Compliant Solution (CVE-2008-5353: Zoneinfo)

This vulnerability was fixed in JDK v1.6 u11 by defining a new AccessControlContext INSTANCE, with a new ProtectionDomain. The ProtectionDomain encapsulated a RuntimePermission called accessClassInPackage.sun.util.calendar. Consequently, the code was granted the minimal set of permissions required to access the sun.util.calendar class. This whitelisting approach guaranteed that a security exception would be thrown in all other cases of invalid access. The code also uses the two-argument form of doPrivileged(), which strips all permissions other than the ones specified in the ProtectionDomain.

Risk Assessment

Deserializing objects from an unrestricted privileged context can result in arbitrary code execution.

Rule

Severity

Likelihood

Remediation Cost

Priority

Level

SER08-J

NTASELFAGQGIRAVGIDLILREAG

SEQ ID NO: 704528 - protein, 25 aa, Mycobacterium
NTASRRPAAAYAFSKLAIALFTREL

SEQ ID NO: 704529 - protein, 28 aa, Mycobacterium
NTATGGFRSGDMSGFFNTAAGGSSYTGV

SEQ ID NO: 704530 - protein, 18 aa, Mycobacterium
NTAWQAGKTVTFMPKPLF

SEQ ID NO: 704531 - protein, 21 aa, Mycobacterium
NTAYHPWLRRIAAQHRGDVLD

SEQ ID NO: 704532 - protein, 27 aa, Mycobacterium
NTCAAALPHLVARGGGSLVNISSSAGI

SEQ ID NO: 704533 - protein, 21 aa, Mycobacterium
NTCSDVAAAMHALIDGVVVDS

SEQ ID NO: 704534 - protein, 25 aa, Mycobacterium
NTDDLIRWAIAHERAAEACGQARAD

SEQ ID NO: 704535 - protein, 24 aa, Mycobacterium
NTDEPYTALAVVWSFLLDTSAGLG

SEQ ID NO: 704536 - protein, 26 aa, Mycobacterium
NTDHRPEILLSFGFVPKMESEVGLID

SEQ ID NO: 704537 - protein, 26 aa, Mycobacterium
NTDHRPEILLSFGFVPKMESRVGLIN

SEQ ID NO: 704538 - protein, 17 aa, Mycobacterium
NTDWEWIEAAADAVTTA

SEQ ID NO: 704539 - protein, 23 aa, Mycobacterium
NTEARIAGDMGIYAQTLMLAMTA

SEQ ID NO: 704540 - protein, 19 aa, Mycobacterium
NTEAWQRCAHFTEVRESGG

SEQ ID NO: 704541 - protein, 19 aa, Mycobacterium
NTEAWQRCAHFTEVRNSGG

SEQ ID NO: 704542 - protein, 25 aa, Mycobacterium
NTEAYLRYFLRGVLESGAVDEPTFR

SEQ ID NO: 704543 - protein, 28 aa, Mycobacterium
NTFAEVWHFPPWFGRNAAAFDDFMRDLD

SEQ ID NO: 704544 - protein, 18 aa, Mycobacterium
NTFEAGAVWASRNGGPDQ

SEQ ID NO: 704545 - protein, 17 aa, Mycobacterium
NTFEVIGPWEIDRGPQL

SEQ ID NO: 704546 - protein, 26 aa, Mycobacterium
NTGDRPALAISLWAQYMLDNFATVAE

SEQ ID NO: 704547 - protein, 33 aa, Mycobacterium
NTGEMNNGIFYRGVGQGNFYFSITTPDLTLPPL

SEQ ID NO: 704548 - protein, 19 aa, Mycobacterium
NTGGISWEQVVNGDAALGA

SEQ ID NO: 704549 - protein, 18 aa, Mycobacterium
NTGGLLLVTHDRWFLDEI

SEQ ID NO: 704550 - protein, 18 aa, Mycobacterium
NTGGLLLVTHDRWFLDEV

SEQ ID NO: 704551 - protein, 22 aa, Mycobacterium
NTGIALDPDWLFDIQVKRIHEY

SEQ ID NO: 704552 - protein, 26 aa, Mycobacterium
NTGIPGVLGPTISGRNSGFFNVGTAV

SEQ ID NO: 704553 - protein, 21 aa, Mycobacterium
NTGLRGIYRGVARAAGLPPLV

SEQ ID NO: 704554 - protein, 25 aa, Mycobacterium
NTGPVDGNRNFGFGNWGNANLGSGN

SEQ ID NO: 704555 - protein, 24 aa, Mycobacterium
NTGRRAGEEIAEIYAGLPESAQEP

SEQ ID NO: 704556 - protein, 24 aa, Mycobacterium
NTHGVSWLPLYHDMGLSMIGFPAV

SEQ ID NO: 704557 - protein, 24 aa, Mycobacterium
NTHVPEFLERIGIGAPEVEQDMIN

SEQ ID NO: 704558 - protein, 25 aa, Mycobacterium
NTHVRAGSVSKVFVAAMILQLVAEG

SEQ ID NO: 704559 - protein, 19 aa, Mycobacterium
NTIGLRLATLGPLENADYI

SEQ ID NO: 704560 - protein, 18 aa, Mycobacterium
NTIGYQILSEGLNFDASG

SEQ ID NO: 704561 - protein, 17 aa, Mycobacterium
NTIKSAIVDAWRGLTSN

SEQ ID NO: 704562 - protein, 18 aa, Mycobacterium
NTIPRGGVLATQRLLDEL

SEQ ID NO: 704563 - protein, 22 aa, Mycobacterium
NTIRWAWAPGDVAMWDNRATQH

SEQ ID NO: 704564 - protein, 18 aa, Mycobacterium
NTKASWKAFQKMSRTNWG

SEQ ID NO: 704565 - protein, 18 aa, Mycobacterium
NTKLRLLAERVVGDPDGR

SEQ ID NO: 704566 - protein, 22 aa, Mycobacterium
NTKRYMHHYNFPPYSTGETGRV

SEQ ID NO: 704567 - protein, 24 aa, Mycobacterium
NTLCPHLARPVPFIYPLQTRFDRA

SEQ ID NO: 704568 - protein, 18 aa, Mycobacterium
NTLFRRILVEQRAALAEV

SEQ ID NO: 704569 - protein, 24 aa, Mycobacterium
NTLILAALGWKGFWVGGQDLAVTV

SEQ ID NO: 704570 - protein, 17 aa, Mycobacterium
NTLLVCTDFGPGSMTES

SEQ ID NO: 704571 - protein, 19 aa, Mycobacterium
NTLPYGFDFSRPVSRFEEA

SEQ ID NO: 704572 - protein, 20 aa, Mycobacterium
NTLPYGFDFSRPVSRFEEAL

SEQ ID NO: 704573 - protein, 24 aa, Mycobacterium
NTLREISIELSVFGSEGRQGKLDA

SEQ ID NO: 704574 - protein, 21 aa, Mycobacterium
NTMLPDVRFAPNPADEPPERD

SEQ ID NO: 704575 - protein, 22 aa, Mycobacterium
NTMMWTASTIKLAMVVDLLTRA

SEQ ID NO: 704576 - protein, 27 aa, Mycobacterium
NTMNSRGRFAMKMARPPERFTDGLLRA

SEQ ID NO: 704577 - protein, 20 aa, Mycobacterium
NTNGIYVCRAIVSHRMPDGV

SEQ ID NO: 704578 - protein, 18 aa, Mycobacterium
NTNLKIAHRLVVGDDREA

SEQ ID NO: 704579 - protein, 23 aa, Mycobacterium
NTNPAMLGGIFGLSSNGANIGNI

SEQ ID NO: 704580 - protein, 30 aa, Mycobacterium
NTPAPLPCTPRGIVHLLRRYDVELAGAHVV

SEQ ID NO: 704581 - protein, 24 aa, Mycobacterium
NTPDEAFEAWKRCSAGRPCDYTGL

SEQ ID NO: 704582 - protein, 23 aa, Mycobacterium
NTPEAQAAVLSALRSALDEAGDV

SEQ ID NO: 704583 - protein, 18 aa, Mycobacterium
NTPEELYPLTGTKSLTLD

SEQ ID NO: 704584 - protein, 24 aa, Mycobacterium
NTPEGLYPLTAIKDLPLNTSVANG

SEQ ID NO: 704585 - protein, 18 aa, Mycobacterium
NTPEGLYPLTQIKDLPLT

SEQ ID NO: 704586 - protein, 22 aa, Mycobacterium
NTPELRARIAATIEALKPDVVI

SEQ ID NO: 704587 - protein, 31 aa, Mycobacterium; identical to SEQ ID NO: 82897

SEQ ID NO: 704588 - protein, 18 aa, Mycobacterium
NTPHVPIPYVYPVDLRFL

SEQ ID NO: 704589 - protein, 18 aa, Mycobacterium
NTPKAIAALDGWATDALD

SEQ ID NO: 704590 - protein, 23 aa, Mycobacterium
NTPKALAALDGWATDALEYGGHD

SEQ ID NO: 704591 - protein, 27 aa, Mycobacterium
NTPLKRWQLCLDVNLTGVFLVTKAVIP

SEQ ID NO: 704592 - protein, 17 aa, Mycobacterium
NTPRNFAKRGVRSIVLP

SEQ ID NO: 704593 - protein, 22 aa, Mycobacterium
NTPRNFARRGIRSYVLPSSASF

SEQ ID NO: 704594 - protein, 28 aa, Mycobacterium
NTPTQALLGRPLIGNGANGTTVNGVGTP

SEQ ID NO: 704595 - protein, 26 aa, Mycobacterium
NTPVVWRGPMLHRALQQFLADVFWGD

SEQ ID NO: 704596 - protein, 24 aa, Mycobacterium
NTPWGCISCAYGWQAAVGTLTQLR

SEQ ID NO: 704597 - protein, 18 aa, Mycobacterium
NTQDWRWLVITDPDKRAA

High

Likely

Medium

P18

L1

Related Guidelines

MITRE CWE

CWE-250, Execution with Unnecessary Privileges

Bibliography

 


5 Comments

    • Need to remove voided rules from the introduction and Compliant Solution (CVE-2008-5353: Zoneinfo)
    1. Fixed. (although we need to find & fix void references & broken links in other rules)

  1. ZoneInfo is alternately spelled "ZoneInfo" and "Zoneinfo"

    Because the class is sun.util.calendar.ZoneInfo I'm assuming the former spelling is correct.

  2. In

    When deserializing requires privileges, programs must strip all permissions other than the minimum set required for the intended usage.

    What do you mean by "... the intended usage"?

    1. That statement is trying to apply the Principle of Least Privilege to serialization. The 'intended usage' is successful deserialization of the class you are trying to deserialize. This prob involves deserialization of superclasses or classes of member objects, and deserialization can always involve invoking other methods (if your classes provide non-default serialization).